Also, if you found this guide helpful and would like to have easy access to it for later reference I would recommend either floating it to the top of the board or bookmarking it. To float this thread simply go to the Topic Options drop-down menu above the thread at the top left-hand corner of the page and select Float this Topic to the Top which will pin a copy of the thread at the top of the board for your screen (when you're logged in), and to bookmark the thread you will select Bookmark immediately bellow the float option in the same menu.

 

Good luck, and happy posting

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Please use plain text.
Message 1 of 35 (10,557 Views)
VP of Gaming
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Re: PlayStation.com Forums HTML Guide

Oct 31, 2012

Great guide DVM, very helpful, for "oldies" & "newbies" alike.

Please use plain text.
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PlayStation MVP
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Re: PlayStation.com Forums HTML Guide

Oct 31, 2012

DVM back in action. :smileyhappy:

 

It'll be better if a mod add the anchor tags in the posts.

Please use plain text.
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PlayStation MVP
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Re: PlayStation.com Forums HTML Guide

Oct 31, 2012

deadend123 wrote:

DVM back in action. :smileyhappy:

 

It'll be better if a mod add the anchor tags in the posts.


It's been a while, but I'm starting to get back into the online world, and what better way to kick things off than a massive guide? :smileytongue:

 

Ya, that would be awesome. I can talk to one of them and see if they'd be willing to do so. Though I do have to admit, I really wish I could just add the anchors myself. Tis a bummer being restricted from using such useful tools like that.

Please use plain text.
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Re: PlayStation.com Forums HTML Guide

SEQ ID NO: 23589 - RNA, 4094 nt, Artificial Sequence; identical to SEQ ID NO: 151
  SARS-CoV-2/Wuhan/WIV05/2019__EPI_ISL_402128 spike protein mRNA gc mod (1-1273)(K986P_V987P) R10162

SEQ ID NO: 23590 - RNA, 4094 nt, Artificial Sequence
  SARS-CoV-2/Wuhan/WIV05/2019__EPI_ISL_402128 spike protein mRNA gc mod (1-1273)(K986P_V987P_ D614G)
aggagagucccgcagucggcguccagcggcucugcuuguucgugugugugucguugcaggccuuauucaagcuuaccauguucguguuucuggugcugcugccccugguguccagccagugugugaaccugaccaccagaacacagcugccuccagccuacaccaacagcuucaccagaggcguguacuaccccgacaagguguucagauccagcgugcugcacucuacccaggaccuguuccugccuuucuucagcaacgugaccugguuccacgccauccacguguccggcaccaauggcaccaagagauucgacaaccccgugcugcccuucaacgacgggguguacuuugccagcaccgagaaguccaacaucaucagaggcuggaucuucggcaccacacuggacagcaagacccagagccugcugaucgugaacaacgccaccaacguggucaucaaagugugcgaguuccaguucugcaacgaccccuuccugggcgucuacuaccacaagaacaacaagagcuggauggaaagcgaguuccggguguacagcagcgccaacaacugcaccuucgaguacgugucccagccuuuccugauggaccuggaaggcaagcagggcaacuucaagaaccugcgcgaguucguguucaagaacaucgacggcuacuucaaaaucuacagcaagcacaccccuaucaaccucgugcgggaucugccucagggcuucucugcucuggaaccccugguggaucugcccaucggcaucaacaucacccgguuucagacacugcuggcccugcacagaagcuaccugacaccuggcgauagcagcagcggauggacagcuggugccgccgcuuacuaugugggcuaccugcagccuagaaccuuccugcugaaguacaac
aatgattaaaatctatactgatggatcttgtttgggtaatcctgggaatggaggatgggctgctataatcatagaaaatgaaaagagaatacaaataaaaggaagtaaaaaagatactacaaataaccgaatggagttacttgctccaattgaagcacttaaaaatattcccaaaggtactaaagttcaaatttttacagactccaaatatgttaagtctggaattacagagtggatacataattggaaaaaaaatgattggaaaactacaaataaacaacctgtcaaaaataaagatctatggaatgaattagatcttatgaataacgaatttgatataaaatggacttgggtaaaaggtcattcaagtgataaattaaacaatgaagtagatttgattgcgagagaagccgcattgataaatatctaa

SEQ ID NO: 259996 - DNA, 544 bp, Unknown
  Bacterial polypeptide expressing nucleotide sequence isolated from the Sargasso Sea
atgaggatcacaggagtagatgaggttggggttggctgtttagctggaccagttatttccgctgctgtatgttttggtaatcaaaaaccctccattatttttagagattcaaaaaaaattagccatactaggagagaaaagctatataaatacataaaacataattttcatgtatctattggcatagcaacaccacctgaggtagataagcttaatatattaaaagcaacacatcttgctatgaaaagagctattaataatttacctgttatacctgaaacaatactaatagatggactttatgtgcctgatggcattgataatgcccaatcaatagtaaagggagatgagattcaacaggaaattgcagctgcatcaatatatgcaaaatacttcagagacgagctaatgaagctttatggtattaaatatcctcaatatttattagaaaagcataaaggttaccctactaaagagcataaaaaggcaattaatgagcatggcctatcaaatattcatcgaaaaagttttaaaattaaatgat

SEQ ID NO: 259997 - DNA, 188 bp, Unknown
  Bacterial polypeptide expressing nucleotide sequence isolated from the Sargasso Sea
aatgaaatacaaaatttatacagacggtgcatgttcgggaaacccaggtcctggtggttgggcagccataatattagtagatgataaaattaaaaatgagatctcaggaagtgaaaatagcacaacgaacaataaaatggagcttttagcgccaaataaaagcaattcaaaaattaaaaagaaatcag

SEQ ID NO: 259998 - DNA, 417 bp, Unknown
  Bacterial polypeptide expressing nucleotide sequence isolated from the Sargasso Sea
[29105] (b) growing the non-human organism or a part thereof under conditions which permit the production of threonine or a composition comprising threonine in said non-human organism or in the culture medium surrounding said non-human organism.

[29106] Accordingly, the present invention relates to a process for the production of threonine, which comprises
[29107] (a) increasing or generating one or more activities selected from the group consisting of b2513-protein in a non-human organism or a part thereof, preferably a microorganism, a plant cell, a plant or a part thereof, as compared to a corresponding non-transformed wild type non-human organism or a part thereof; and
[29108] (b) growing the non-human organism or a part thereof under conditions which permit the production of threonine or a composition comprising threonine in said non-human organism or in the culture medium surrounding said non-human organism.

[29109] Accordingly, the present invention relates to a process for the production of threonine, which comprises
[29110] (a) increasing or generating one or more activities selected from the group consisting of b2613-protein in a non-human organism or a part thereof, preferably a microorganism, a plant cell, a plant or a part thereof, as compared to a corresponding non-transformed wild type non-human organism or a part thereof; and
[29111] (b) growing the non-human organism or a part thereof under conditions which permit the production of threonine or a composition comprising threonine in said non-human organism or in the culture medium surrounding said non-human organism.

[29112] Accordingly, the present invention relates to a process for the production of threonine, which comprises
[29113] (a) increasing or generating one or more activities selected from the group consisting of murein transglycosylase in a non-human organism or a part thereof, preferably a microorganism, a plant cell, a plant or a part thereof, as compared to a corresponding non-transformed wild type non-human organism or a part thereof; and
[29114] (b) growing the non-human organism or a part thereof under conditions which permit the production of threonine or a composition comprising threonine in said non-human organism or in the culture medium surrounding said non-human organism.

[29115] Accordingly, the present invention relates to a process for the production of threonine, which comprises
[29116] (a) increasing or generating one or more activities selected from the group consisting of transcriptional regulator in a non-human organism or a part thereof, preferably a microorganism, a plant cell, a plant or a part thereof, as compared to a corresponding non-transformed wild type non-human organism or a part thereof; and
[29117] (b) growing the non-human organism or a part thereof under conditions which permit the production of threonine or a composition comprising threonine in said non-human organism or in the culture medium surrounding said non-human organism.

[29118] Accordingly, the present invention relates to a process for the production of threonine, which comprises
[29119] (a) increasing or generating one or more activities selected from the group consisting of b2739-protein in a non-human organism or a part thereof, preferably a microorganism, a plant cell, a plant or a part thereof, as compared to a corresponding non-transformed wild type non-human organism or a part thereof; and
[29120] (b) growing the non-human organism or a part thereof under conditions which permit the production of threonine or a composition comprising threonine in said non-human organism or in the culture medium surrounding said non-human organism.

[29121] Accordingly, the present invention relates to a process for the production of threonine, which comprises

Oct 31, 2012

Good work DVM-501 :smileyhappy:

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Re: PlayStation.com Forums HTML Guide

Nov 1, 2012

DVM-501 wrote:

PlayStation.com Forums HTML Guide

 

 The following is a guide to help the community understand how to use HTML on the PlayStation.com Community. The purpose of this guide is to help the community better understand how to use HTML so that the community can have full understanding and control of how their posts, signatures, and macros are formatted.


 

Thank You!  :smileyhappy:

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Re: PlayStation.com Forums HTML Guide

Nov 21, 2012

Yeah, you definitely earned a kudo from me.

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Re: PlayStation.com Forums HTML Guide

[ Edited ]
Nov 28, 2012

Welp, good news, Tempest and I discussed adding anchors. As a result I'm happy to say that anchors are now apart of the index at the begging of the post. Unfortunately the forums automatically set the anchors to open in a new window/tab, and due to HTML restrictions I can't correct this without the assistance of a Mod.

 


zeker wrote:

Thank You!  :smileyhappy:


lol, you're welcome.

 


DrGadget wrote:

Yeah, you definitely earned a kudo from me.


Thanks Gadget. Knowing how picky you are with Kudos that really means a lot.

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Re: PlayStation.com Forums HTML Guide

Nov 28, 2012

DVM-501 wrote:

Welp, good news, Tempest and I discussed adding anchors. As a result I'm happy to say that anchors are not apart of the index at the begging of the post. Unfortunately the forums automatically set the anchors to open in a new window/tab, and due to HTML restrictions I can't correct this without the assistance of a Mod.

 


No need to bother the moderators.  I saw this reply and hopped in to the OP and edited the HTML.  Anchors should hop down the post in this tab now.


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Re: PlayStation.com Forums HTML Guide

Nov 28, 2012

Tempest_Fire wrote:

DVM-501 wrote:

Welp, good news, Tempest and I discussed adding anchors. As a result I'm happy to say that anchors are not apart of the index at the begging of the post. Unfortunately the forums automatically set the anchors to open in a new window/tab, and due to HTML restrictions I can't correct this without the assistance of a Mod.


No need to bother the moderators.  I saw this reply and hopped in to the OP and edited the HTML.  Anchors should hop down the post in this tab now.


Awesome, thanks for adding and fixing the anchors. :smileyhappy:

 

Wow, just realized a typo in my post that you quoted. That's supposed to be now apart, not not apart. Rather changes the whole meaning of the sentence. I'll have to fix that in just a moment.